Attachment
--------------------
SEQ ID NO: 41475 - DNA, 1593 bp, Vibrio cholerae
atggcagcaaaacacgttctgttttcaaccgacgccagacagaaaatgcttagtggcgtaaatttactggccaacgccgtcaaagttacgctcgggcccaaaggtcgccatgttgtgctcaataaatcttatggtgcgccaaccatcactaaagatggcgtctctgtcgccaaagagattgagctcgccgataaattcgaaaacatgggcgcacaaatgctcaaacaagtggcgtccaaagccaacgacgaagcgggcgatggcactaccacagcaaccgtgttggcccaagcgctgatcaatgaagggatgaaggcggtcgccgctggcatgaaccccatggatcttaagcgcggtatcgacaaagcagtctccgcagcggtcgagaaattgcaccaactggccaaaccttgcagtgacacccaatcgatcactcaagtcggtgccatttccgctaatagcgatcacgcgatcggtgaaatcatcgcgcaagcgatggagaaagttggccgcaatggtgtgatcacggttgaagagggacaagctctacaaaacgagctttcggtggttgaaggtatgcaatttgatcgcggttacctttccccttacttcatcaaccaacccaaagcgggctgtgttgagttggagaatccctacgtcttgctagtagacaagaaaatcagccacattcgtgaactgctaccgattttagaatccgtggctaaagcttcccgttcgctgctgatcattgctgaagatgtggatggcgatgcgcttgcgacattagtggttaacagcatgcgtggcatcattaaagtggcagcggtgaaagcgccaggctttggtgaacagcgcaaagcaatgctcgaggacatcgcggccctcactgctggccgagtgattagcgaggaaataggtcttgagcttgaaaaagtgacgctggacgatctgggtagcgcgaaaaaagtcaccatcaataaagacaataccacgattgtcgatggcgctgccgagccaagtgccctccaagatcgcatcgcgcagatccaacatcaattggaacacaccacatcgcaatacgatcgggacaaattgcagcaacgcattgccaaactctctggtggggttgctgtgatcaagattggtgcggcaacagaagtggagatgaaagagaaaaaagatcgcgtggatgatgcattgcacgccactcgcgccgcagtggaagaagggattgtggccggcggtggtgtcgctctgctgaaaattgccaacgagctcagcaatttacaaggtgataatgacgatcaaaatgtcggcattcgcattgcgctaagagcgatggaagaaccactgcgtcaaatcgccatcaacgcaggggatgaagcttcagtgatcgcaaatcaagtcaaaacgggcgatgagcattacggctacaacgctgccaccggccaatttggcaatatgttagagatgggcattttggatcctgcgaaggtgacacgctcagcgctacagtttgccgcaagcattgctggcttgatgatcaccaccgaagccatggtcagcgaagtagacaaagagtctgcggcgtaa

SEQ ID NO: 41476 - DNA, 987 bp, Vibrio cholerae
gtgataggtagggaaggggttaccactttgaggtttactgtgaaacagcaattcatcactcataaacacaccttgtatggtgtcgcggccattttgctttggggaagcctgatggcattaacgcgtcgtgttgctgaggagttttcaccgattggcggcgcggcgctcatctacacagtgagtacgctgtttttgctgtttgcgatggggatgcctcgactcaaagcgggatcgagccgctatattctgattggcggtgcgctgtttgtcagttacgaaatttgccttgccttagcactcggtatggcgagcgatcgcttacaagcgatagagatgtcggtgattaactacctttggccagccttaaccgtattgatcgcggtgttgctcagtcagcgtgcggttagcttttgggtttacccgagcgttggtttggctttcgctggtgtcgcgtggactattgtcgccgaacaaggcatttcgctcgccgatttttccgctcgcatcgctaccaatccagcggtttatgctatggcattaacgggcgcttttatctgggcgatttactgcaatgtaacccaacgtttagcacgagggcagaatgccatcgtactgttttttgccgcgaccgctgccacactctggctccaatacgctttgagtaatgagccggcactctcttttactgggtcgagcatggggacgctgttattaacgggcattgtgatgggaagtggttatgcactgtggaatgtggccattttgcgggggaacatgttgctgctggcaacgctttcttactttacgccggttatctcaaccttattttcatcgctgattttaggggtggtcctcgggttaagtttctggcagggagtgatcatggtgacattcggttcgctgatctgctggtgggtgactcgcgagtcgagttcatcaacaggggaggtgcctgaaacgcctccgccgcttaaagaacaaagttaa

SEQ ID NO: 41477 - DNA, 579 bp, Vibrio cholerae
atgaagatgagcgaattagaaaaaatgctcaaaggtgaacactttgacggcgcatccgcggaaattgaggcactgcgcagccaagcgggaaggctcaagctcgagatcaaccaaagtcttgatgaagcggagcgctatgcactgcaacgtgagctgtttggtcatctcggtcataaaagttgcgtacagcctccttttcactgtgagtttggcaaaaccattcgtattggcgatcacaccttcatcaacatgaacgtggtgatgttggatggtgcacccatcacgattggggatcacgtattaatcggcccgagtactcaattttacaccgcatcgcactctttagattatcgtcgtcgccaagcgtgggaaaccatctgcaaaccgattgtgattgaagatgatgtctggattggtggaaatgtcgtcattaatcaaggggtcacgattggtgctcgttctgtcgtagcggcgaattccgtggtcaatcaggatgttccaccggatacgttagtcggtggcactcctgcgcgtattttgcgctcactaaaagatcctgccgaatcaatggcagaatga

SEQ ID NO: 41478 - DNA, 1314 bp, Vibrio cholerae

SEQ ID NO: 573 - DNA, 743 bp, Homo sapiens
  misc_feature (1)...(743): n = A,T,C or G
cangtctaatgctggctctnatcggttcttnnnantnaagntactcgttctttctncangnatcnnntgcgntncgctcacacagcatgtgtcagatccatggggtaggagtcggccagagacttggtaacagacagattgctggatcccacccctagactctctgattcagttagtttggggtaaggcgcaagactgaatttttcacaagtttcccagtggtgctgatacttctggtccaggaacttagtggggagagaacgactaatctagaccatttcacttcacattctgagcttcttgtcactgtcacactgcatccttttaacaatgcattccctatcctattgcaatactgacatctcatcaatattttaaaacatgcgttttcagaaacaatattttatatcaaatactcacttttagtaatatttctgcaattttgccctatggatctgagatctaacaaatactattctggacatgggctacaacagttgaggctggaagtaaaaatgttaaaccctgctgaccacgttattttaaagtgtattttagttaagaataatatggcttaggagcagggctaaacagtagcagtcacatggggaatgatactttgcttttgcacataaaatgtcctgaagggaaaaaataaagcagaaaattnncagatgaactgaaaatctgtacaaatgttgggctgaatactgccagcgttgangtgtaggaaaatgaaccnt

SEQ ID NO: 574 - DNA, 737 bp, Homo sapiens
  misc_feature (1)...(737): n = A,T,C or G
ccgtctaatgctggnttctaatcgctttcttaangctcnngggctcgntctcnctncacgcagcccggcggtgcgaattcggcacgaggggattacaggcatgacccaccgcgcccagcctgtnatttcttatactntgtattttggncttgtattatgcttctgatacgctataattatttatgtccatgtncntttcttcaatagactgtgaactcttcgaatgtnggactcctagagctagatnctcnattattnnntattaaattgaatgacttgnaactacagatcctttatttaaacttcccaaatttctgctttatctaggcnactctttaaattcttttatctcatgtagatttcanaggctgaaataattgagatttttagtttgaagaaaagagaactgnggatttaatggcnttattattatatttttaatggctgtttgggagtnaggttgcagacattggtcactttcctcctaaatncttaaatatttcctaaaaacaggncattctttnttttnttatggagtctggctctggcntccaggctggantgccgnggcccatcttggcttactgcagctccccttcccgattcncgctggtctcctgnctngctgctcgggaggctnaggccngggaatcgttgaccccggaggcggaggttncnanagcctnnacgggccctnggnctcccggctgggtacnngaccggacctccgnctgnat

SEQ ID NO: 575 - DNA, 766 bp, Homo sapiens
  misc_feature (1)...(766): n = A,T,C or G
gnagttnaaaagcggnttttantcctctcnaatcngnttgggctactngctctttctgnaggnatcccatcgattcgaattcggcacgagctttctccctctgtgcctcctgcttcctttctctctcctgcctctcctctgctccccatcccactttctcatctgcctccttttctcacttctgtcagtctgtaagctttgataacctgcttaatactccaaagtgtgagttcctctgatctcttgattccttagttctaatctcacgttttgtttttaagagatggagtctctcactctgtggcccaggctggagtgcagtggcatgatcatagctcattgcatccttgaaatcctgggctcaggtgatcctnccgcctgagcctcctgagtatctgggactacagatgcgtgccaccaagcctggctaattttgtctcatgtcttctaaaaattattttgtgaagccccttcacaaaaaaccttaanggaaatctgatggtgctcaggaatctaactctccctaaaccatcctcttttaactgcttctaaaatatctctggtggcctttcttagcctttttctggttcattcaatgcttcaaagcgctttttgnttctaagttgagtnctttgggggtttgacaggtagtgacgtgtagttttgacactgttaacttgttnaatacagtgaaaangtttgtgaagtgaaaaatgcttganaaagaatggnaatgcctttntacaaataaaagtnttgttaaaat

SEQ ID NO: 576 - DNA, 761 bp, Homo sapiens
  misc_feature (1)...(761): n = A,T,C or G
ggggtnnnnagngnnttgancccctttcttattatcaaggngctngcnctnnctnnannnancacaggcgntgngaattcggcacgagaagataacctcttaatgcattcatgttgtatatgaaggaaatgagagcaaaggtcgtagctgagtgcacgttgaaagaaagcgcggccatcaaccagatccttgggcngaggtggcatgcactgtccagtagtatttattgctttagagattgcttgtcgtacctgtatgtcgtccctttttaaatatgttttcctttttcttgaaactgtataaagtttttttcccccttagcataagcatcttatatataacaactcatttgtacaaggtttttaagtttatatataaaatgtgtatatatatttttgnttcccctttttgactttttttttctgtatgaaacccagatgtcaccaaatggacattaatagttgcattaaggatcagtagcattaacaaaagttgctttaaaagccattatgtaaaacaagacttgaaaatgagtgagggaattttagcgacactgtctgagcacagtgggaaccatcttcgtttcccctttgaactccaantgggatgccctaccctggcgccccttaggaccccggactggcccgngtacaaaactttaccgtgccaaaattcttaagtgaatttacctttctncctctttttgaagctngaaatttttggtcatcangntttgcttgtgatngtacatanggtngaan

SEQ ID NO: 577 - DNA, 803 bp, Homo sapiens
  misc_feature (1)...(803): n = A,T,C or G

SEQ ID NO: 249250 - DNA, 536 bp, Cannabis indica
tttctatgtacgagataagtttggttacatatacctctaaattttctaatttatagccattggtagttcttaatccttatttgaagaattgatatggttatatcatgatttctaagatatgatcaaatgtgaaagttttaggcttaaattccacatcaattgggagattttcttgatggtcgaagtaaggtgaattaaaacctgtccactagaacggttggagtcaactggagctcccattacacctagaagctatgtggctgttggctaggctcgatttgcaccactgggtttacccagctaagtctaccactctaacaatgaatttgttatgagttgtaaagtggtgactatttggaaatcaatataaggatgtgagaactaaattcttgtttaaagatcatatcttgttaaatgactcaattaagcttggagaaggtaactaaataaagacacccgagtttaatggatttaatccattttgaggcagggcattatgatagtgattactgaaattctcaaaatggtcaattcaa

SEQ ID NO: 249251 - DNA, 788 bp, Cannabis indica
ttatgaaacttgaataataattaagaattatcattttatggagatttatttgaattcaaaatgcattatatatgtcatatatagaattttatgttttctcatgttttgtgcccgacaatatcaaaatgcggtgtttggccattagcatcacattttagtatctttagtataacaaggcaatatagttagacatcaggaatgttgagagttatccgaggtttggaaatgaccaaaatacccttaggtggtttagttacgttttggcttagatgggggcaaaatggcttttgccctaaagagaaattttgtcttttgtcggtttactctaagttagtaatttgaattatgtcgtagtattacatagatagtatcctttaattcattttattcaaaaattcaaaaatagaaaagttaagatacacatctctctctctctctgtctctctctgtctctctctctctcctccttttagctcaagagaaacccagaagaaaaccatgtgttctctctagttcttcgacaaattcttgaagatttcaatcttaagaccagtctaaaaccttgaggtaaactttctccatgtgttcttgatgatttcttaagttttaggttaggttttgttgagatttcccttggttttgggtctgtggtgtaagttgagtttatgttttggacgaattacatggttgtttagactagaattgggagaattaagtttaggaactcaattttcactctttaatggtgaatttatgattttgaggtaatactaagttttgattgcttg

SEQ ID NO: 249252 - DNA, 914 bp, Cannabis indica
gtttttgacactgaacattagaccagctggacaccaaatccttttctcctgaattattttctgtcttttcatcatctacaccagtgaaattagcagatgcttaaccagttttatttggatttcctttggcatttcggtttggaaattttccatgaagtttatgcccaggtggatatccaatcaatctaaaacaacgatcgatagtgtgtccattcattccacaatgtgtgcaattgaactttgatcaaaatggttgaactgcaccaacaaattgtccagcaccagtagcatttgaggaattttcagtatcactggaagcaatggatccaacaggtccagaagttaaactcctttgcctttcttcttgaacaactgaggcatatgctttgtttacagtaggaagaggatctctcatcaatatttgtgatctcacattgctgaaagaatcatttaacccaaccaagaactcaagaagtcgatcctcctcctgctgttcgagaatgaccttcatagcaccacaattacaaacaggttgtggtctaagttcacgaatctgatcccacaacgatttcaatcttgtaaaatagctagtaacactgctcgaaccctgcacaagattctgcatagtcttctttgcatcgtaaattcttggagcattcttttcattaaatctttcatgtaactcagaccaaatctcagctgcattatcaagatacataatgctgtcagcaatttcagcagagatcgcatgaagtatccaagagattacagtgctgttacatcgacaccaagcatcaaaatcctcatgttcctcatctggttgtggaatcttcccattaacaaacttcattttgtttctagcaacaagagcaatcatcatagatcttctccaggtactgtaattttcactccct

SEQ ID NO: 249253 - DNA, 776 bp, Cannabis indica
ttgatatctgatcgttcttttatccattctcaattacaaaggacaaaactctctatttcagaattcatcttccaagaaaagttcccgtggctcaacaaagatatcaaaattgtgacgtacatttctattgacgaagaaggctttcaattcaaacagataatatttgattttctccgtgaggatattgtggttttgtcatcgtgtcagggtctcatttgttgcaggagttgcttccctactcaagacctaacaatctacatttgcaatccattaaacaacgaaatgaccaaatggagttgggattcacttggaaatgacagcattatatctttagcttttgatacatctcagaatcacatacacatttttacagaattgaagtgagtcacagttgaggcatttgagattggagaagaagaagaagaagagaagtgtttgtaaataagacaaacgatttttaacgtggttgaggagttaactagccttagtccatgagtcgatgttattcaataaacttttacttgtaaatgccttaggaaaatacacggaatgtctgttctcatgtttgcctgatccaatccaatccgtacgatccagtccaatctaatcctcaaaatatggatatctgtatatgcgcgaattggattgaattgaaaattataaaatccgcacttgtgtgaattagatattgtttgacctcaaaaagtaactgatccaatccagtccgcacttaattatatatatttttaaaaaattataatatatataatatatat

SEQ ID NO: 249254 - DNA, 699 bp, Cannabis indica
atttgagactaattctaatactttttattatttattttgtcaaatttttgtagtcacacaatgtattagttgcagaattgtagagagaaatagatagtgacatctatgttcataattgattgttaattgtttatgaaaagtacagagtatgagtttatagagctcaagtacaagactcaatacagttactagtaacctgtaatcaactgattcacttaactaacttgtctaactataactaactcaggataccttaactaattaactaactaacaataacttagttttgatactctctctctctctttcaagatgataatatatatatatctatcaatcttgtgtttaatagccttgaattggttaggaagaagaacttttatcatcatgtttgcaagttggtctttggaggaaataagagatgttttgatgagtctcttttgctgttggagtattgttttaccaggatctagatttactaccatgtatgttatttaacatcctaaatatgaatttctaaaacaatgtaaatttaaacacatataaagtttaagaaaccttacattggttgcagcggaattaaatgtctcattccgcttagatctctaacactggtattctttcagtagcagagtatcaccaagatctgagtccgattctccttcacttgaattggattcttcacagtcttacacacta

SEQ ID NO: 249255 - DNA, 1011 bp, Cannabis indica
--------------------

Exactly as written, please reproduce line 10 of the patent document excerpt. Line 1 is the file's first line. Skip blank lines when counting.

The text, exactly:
cangtctaatgctggctctnatcggttcttnnnantnaagntactcgttctttctncangnatcnnntgcgntncgctcacacagcatgtgtcagatccatggggtaggagtcggccagagacttggtaacagacagattgctggatcccacccctagactctctgattcagttagtttggggtaaggcgcaagactgaatttttcacaagtttcccagtggtgctgatacttctggtccaggaacttagtggggagagaacgactaatctagaccatttcacttcacattctgagcttcttgtcactgtcacactgcatccttttaacaatgcattccctatcctattgcaatactgacatctcatcaatattttaaaacatgcgttttcagaaacaatattttatatcaaatactcacttttagtaatatttctgcaattttgccctatggatctgagatctaacaaatactattctggacatgggctacaacagttgaggctggaagtaaaaatgttaaaccctgctgaccacgttattttaaagtgtattttagttaagaataatatggcttaggagcagggctaaacagtagcagtcacatggggaatgatactttgcttttgcacataaaatgtcctgaagggaaaaaataaagcagaaaattnncagatgaactgaaaatctgtacaaatgttgggctgaatactgccagcgttgangtgtaggaaaatgaaccnt